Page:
Euro Coffee Culture

Euro Coffee Culture

We take a look at coffee cultures across Europe, and what you might expect to order when you find yourself next in one of these countries.

Football, warm summers, good food… there are many things that we have in common with our European counterparts however, perhaps the one common theme that you will find pretty much right the way across the continent is good coffee.


If you are in Austria and, in particular, the capital Vienna, you might want to order yourself a Wiener Melange. Often compared to a cappuccino, it is more akin to a cafe latte. The name is both German and French for “Viennese Blend”.


In Croatia, the popular coffee of choice tends to be the “Bijela Kav” - essentially it’s a caffe latte and is the most popular coffee in the country.


In England, it’s fair to say that we have American coffee tastes – or perhaps they have British coffee tastes? Known as a tea drinking country for generations, we have very much taken coffee to our hearts and is rare that you can go anywhere without passing a coffee house, or cafeteria. Our coffee orders often include a latte, cappuccino or flat white or the good old Americano.


If you happen to be in Finland and fancy yourself a coffee, you are going to be asking for a “Kahvi”. Lightly roasted beans are used in its creation which gives it a more acidic taste. Not unlike many other variations on coffee, this has evolved to include different styles. It is mainly drunk black however, if anything, milk is used instead of cream to add flavour.


France will find you ordering a “cafe au lait” the literal translation of which is “coffee with milk”. The ratio of a cafe au lait is usually 50/50, espresso to milk but unlike the latte, the milk isn’t foamed. 

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The Germans favour a drip filtered style coffee to an espresso but if you are looking for a German coffee recipe for after dark, you can try the “Pharisäer” which is two ounces of rum mixed with dark coffee and sugar, then covered with whipped cream. Their more traditional coffee or “Kaffee” is not as strong as its European counterparts as they don’t burn the beans during roasting.


On to Greece and you are likely to find yourself drinking a “Greek Coffee”. Instead of being made with hot water, it is actually made by combining ground roast coffee beans with cold water and then brewed over a low heat until frothy. This is very similar to the neighbouring Turkish Coffee and originates from the Ottoman Empire Another popular drink is the iced frappe which you will find readily available across the country.


Keeping it simple in Hungary, you will take your coffee in one of two ways. Either the espresso or the espresso with water, “hosszú kávé”, which we guess you could also call an Americano.


Gaelic Coffee or the “Caife Gaelach” is a typical Irish coffee. Created in 1943, this popular drink, designed to warm you up includes whisky, coffee, brown sugar, and thick cream as a topping. There are two rules when making a Gaelic Coffee – do not stir the coffee and do not use whipped cream.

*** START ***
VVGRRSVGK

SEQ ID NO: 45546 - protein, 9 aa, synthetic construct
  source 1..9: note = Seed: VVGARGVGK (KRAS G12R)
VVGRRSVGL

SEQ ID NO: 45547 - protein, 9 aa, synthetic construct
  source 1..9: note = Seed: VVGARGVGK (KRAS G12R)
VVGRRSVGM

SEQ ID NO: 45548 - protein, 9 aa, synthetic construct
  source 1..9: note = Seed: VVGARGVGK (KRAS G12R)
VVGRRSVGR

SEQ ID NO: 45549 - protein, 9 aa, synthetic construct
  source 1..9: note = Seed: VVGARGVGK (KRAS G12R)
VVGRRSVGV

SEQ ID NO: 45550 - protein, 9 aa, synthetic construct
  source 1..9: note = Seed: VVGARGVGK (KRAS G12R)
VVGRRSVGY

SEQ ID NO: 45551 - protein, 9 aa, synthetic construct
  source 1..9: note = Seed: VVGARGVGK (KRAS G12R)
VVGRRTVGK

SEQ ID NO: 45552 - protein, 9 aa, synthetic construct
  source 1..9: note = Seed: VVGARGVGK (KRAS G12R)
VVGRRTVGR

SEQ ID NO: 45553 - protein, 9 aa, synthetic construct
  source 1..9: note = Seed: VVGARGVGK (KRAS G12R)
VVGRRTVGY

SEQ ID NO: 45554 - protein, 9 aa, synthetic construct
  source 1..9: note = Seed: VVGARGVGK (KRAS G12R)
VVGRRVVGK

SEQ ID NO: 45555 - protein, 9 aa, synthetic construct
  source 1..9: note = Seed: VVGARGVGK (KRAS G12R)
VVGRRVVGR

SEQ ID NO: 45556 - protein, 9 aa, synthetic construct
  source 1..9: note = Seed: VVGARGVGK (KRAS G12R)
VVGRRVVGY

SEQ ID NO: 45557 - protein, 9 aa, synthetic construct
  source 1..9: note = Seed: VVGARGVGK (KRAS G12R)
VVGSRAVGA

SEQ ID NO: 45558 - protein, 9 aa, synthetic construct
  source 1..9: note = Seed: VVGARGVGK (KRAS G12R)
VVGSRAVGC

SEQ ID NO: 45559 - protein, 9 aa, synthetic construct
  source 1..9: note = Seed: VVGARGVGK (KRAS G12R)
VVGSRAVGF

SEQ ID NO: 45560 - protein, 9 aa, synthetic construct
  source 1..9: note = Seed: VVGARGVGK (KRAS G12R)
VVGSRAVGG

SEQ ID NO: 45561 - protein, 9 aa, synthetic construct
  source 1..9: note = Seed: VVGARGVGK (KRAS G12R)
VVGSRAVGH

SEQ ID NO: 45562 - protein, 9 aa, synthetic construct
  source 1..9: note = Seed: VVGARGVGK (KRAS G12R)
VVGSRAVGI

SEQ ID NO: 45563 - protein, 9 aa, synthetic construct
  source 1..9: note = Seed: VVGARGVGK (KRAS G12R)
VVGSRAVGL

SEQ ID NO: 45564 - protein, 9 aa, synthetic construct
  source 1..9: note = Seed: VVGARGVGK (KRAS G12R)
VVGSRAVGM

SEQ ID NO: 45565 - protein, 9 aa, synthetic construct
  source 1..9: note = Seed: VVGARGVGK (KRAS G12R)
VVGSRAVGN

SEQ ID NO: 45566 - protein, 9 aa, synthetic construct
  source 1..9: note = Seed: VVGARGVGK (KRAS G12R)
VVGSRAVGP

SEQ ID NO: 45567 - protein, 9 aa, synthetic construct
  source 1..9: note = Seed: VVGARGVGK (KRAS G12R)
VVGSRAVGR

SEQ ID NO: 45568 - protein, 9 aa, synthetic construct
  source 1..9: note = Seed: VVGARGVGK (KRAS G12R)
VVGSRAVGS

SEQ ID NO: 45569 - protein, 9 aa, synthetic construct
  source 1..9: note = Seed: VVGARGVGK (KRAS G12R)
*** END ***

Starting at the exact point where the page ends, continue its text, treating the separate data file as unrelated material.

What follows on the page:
Think Italy and you immediately think of espresso. After all, Italy is the home of the espresso. Instead though, we are going to look at the “Ristretto” which is half a single shot of espresso. Less bitter and not as strong as an espresso given that it uses half the amount of coffee.


Ordering a coffee in the Netherlands is easy given the huge barista culture of the country. The typical native coffee is the “Koffie Verkeerd” which is coffee with milk. The Dutch do love their expensive coffee however and you will find a wide variety of lattes, cappuccinos and flat whites served across the country.


Simple yet effective could be used to describe the Polish method of serving coffee. To make “Kawa”, simply add a few spoons of ground coffee to hot water, let it sink and then drink. The Polish enjoy it black, white, sweetened – in fact, it sounds very similar to a good old fashioned instant coffee.


“Galao” is a speciality coffee in Portugal and combines 1/4 espresso with 3/4 foamed or steamed milk. Served in a tall glass, you would be forgiven for thinking it was a latte.


“Cortado” is the coffee of choice in Spain and not unlike an espresso in size. Pour a small amount of espresso into a small glass with an equal amount of steamed milk to cut the bitterness.


The Swiss have been enjoying a diverse coffee culture for centuries and you will find coffee originating in countries such as Germany, France and Italy served here. You can enjoy an espresso or the popular a “kaffe-crème” (cream and espresso). “Schale” will get you a bowl of coffee while ask for a “Luzerner Kafi” and you will receive a thin coffee with sugar and a dash of wine! Perfect in the winter.


A Turkish coffee, or “Turk Kahvesi” is made using coffee, water and sugar and brewed by boiling. Originating from the Ottoman Empire it is also enjoyed in other countries across Europe in different variants – Armenia, Slovakia, Poland and Greece are among these countries. It is a small porcelain cup called a “kahve fincanı” or coffee cup.

Even with this level of detail and research into coffees around the continent, we have almost definitely missed a few countries but if you think we have missed any coffees specifically, get in touch and we will update the article to include them.

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